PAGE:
A simple example of heterozygous is a cat with one allele for a black coat (B) and another allele for a white coat (b), which are represented as “Bb”.
Difference Between Homozygous and Heterozygous
Here we have discussed a few differences between Homozygous and Heterozygous that will illustrate how the presence of two different alleles (heterozygous) or two identical alleles (homozygous) for a specific gene can impact genetic traits and inheritance in organisms.
|Difference Between Homozygous and Heterozygous|
|Definition||Homozygous has two identical alleles for a particular gene in an organism.||Heterozygous has two different alleles for a particular gene in an organism.|
|Alleles||Homozygous contains two Identical alleles.||Heterozygous contains two different alleles.|
|Genetic Makeup||Example: AA (both alleles are either dominant or recessive)||Example: Aa (one dominant and one recessive allele).|
|Phenotype (Expression)||Exhibits the same trait or characteristics.||May exhibit a mixed or intermediate trait.|
|Genetic Contribution to Offspring||Will consistently pass down.||Heterozygous may contribute to genetics.|
|Genotype Variation within an individual||Represents a homozygous genotype.||Represents a heterozygous genotype.|
|Example in Humans||Blue eyes (bb, where b is recessive for blue).||Brown eyes (Bb, where B is dominant for brown and b is recessive for blue).|
Importance of Homozygous and Heterozygous
Both homozygous and heterozygous genotypes have important implications in genetics and Biology. The importance of homozygous and heterozygous genotypes lies in their roles in genetic diversity, trait expression, selective advantages, and their impact on the genetic traits within the population. These concepts are fundamental in genetics, evolution, and various fields of Biology.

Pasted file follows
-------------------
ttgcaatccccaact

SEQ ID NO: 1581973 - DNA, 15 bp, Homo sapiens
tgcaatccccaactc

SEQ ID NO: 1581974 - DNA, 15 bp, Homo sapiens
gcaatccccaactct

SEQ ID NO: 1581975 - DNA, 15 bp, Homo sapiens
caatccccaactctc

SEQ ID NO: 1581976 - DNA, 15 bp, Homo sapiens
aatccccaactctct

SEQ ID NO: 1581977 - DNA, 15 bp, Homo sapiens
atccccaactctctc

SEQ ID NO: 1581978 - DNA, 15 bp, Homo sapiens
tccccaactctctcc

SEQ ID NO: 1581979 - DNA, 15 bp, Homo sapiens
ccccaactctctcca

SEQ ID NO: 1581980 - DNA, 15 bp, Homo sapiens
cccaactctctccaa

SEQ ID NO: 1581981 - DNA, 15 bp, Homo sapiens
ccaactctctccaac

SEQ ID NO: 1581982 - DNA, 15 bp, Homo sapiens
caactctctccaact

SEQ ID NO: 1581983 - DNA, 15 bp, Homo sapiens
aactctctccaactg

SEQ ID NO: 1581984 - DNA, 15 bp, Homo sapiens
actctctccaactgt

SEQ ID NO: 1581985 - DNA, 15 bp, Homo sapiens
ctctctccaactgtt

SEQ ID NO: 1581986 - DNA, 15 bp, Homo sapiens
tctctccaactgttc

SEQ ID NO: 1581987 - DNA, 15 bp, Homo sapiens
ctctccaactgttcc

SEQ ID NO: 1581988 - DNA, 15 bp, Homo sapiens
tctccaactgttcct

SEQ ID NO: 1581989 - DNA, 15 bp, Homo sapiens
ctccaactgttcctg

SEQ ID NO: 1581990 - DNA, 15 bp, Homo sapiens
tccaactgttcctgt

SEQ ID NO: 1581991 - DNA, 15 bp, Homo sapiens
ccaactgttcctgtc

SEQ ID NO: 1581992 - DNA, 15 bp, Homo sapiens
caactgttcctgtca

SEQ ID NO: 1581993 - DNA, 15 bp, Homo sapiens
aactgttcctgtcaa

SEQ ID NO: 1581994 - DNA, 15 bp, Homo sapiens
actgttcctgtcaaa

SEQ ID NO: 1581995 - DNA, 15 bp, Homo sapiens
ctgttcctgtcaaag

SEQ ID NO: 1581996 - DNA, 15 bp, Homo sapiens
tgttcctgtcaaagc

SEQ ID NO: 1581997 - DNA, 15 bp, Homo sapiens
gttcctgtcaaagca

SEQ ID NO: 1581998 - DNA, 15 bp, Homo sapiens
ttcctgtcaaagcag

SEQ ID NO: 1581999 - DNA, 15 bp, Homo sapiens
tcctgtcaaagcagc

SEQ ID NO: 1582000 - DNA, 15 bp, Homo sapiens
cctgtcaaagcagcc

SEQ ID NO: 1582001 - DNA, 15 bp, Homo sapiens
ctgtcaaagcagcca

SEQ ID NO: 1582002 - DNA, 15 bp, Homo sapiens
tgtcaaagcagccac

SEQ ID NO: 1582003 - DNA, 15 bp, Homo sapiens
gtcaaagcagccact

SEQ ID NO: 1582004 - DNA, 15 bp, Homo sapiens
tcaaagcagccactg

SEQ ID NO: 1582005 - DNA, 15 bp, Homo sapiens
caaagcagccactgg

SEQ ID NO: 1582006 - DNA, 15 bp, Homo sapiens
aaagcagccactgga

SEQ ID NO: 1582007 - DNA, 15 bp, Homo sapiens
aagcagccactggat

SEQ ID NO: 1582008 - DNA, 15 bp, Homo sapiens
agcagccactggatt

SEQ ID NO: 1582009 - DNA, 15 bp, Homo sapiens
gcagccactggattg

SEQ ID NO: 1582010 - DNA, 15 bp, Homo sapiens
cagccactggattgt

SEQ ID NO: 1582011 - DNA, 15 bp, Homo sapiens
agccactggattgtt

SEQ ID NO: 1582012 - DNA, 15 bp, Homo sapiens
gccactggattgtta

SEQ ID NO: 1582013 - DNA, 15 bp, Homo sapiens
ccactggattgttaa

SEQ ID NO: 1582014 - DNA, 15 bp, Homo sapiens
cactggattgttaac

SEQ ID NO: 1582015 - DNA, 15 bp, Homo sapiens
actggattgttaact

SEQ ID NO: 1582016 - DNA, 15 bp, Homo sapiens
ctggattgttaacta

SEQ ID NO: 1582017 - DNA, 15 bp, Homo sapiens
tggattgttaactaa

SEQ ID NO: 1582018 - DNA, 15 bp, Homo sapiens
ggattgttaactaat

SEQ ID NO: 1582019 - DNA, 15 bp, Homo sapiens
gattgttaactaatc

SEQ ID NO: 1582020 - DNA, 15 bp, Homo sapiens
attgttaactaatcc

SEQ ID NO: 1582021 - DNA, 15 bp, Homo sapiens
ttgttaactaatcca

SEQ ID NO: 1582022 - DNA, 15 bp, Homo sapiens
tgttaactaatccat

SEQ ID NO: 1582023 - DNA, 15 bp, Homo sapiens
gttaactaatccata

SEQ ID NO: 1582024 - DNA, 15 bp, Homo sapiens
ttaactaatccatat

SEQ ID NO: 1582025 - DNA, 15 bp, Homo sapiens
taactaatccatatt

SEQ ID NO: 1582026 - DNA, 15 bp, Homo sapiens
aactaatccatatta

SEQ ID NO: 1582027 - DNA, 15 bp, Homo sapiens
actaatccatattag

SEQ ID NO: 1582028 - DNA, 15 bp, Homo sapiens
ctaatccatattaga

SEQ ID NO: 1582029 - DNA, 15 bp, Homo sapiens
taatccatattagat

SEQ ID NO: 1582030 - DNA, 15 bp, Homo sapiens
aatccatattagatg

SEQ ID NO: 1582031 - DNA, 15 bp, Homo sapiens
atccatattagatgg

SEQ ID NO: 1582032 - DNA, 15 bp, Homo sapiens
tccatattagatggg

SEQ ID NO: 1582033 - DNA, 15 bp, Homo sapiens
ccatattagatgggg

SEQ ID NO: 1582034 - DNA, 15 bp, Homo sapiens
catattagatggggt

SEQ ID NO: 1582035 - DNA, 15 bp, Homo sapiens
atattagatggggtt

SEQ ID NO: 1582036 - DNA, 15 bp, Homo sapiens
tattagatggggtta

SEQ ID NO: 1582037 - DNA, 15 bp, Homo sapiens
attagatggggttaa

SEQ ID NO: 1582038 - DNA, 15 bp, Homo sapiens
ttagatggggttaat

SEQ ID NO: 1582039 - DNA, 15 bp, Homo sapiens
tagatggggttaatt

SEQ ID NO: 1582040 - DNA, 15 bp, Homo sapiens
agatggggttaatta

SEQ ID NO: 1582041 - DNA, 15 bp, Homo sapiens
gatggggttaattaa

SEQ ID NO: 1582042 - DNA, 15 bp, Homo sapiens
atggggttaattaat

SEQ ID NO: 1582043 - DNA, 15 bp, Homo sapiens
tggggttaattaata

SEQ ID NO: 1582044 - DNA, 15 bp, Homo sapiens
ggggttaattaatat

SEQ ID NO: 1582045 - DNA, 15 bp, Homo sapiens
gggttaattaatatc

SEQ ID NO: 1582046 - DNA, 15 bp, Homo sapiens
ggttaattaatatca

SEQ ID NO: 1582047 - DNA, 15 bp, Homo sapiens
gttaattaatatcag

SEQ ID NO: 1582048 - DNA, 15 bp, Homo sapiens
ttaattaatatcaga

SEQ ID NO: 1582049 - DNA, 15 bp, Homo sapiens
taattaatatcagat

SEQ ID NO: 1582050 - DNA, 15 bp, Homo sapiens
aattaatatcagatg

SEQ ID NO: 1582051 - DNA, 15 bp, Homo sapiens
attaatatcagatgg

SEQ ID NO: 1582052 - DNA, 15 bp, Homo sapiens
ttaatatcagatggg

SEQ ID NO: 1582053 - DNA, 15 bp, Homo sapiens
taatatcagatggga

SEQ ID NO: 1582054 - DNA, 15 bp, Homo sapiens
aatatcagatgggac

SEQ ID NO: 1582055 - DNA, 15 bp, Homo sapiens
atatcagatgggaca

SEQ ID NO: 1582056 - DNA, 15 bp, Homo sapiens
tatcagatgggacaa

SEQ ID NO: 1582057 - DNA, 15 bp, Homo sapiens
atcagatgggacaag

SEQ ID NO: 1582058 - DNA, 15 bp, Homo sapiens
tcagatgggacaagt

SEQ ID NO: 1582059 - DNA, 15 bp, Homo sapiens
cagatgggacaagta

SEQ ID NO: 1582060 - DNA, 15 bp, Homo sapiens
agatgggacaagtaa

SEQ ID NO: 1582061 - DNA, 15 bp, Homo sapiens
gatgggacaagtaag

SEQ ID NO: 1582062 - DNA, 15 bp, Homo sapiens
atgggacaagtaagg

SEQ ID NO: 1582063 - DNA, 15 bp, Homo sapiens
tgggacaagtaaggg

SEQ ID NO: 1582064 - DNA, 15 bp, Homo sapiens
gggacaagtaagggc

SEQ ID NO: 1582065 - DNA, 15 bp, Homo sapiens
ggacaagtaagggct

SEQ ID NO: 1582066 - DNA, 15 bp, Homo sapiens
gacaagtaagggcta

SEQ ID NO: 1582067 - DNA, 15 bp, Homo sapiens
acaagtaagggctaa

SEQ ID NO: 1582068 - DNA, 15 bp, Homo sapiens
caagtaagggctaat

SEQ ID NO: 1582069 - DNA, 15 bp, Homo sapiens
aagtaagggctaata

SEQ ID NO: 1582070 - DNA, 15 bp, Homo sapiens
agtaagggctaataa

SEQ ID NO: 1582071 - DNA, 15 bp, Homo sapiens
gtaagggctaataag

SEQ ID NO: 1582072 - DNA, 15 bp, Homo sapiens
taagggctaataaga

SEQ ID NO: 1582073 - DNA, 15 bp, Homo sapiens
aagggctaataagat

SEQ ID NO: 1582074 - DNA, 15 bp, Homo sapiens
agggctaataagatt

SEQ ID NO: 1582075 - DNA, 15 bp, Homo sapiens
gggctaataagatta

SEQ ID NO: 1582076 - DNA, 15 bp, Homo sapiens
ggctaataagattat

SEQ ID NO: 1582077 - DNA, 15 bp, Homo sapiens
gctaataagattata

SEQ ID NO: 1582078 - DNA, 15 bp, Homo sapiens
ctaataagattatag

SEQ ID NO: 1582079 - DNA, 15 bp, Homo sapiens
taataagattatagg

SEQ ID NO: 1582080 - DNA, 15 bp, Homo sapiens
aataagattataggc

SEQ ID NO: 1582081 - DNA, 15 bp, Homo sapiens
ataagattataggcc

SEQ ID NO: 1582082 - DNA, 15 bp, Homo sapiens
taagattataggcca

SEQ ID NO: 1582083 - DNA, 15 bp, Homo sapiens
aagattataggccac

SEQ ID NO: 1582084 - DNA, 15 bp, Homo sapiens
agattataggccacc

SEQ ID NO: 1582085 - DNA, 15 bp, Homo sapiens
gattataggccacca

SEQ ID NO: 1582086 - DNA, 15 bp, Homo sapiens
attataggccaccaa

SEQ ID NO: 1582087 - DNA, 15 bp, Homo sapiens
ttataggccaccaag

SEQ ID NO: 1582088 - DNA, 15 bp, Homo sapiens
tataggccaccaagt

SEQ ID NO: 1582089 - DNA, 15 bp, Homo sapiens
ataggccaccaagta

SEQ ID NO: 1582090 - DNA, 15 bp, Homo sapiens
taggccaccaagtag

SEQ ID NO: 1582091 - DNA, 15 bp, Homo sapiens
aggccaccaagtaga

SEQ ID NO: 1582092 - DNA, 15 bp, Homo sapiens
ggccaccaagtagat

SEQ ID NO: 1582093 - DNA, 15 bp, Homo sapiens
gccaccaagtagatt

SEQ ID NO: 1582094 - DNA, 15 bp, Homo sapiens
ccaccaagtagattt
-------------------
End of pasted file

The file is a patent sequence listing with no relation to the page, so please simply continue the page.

Importance of Homozygous
- Genetic Consistency: Homozygous individuals consistently pass down the allele to their offspring. This is crucial for maintaining traits within a population. For example, in agriculture, homozygous plants with desirable traits can be bred to produce consistent offspring with those traits.
- Purebred Traits: Homozygous individuals often represent purebred traits. For instance, in animal breeding, two homozygous individuals with the same traits, which is desirable in purebred animals.
- Genetic Disorders: Homozygosity for certain alleles can lead to genetic disorders. Understanding homozygosity is essential in diagnosing and studying these disorders for medical research and treatment.
Importance of Heterozygous
- Genetic Diversity: Heterozygous individuals contribute to genetic diversity within populations. This diversity can enhance a population’s ability to adapt to changing environments and resist diseases. In conservation biology, maintaining genetic diversity is crucial for the survival of species.
- Selective Advantages: Heterozygous individuals may exhibit a blend of traits or characteristics due to the presence of different alleles. In some cases, this can provide a selective advantage, allowing them to thrive in diverse environments.
- Masking of Recessive Traits: Heterozygous individuals carrying one dominant and one recessive allele often display the dominant trait. However, they still carry the recessive allele, which can be passed on to offspring. This can be managing genetic diseases in the population.